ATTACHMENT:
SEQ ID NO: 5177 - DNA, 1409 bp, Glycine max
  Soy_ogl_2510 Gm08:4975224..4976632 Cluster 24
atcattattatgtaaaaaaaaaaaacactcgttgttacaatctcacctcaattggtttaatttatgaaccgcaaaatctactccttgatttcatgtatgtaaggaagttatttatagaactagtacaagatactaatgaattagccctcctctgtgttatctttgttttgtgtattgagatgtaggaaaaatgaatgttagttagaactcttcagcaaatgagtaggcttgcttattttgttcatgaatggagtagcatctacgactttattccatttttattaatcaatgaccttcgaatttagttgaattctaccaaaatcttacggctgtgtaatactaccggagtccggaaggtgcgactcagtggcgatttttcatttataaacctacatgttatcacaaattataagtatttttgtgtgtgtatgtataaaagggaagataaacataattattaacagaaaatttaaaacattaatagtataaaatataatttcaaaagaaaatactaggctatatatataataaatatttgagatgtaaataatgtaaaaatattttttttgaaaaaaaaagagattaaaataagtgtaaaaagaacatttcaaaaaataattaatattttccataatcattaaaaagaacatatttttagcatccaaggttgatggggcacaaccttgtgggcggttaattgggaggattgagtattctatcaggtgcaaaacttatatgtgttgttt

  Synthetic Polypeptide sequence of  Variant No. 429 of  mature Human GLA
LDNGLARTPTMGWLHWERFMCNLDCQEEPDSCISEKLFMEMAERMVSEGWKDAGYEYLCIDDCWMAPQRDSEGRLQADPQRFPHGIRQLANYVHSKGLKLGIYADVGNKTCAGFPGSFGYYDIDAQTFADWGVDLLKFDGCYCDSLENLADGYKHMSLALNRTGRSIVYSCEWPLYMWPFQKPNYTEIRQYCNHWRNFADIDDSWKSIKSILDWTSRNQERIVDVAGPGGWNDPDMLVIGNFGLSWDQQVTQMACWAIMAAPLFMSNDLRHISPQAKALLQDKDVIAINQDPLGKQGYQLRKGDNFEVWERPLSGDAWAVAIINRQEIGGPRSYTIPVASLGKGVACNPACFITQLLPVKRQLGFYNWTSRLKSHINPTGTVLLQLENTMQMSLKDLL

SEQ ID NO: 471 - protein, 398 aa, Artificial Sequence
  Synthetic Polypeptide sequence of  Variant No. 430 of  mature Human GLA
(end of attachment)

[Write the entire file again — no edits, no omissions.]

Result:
SEQ ID NO: 5177 - DNA, 1409 bp, Glycine max
  Soy_ogl_2510 Gm08:4975224..4976632 Cluster 24
atcattattatgtaaaaaaaaaaaacactcgttgttacaatctcacctcaattggtttaatttatgaaccgcaaaatctactccttgatttcatgtatgtaaggaagttatttatagaactagtacaagatactaatgaattagccctcctctgtgttatctttgttttgtgtattgagatgtaggaaaaatgaatgttagttagaactcttcagcaaatgagtaggcttgcttattttgttcatgaatggagtagcatctacgactttattccatttttattaatcaatgaccttcgaatttagttgaattctaccaaaatcttacggctgtgtaatactaccggagtccggaaggtgcgactcagtggcgatttttcatttataaacctacatgttatcacaaattataagtatttttgtgtgtgtatgtataaaagggaagataaacataattattaacagaaaatttaaaacattaatagtataaaatataatttcaaaagaaaatactaggctatatatataataaatatttgagatgtaaataatgtaaaaatattttttttgaaaaaaaaagagattaaaataagtgtaaaaagaacatttcaaaaaataattaatattttccataatcattaaaaagaacatatttttagcatccaaggttgatggggcacaaccttgtgggcggttaattgggaggattgagtattctatcaggtgcaaaacttatatgtgttgttt

  Synthetic Polypeptide sequence of  Variant No. 429 of  mature Human GLA
LDNGLARTPTMGWLHWERFMCNLDCQEEPDSCISEKLFMEMAERMVSEGWKDAGYEYLCIDDCWMAPQRDSEGRLQADPQRFPHGIRQLANYVHSKGLKLGIYADVGNKTCAGFPGSFGYYDIDAQTFADWGVDLLKFDGCYCDSLENLADGYKHMSLALNRTGRSIVYSCEWPLYMWPFQKPNYTEIRQYCNHWRNFADIDDSWKSIKSILDWTSRNQERIVDVAGPGGWNDPDMLVIGNFGLSWDQQVTQMACWAIMAAPLFMSNDLRHISPQAKALLQDKDVIAINQDPLGKQGYQLRKGDNFEVWERPLSGDAWAVAIINRQEIGGPRSYTIPVASLGKGVACNPACFITQLLPVKRQLGFYNWTSRLKSHINPTGTVLLQLENTMQMSLKDLL

SEQ ID NO: 471 - protein, 398 aa, Artificial Sequence
  Synthetic Polypeptide sequence of  Variant No. 430 of  mature Human GLA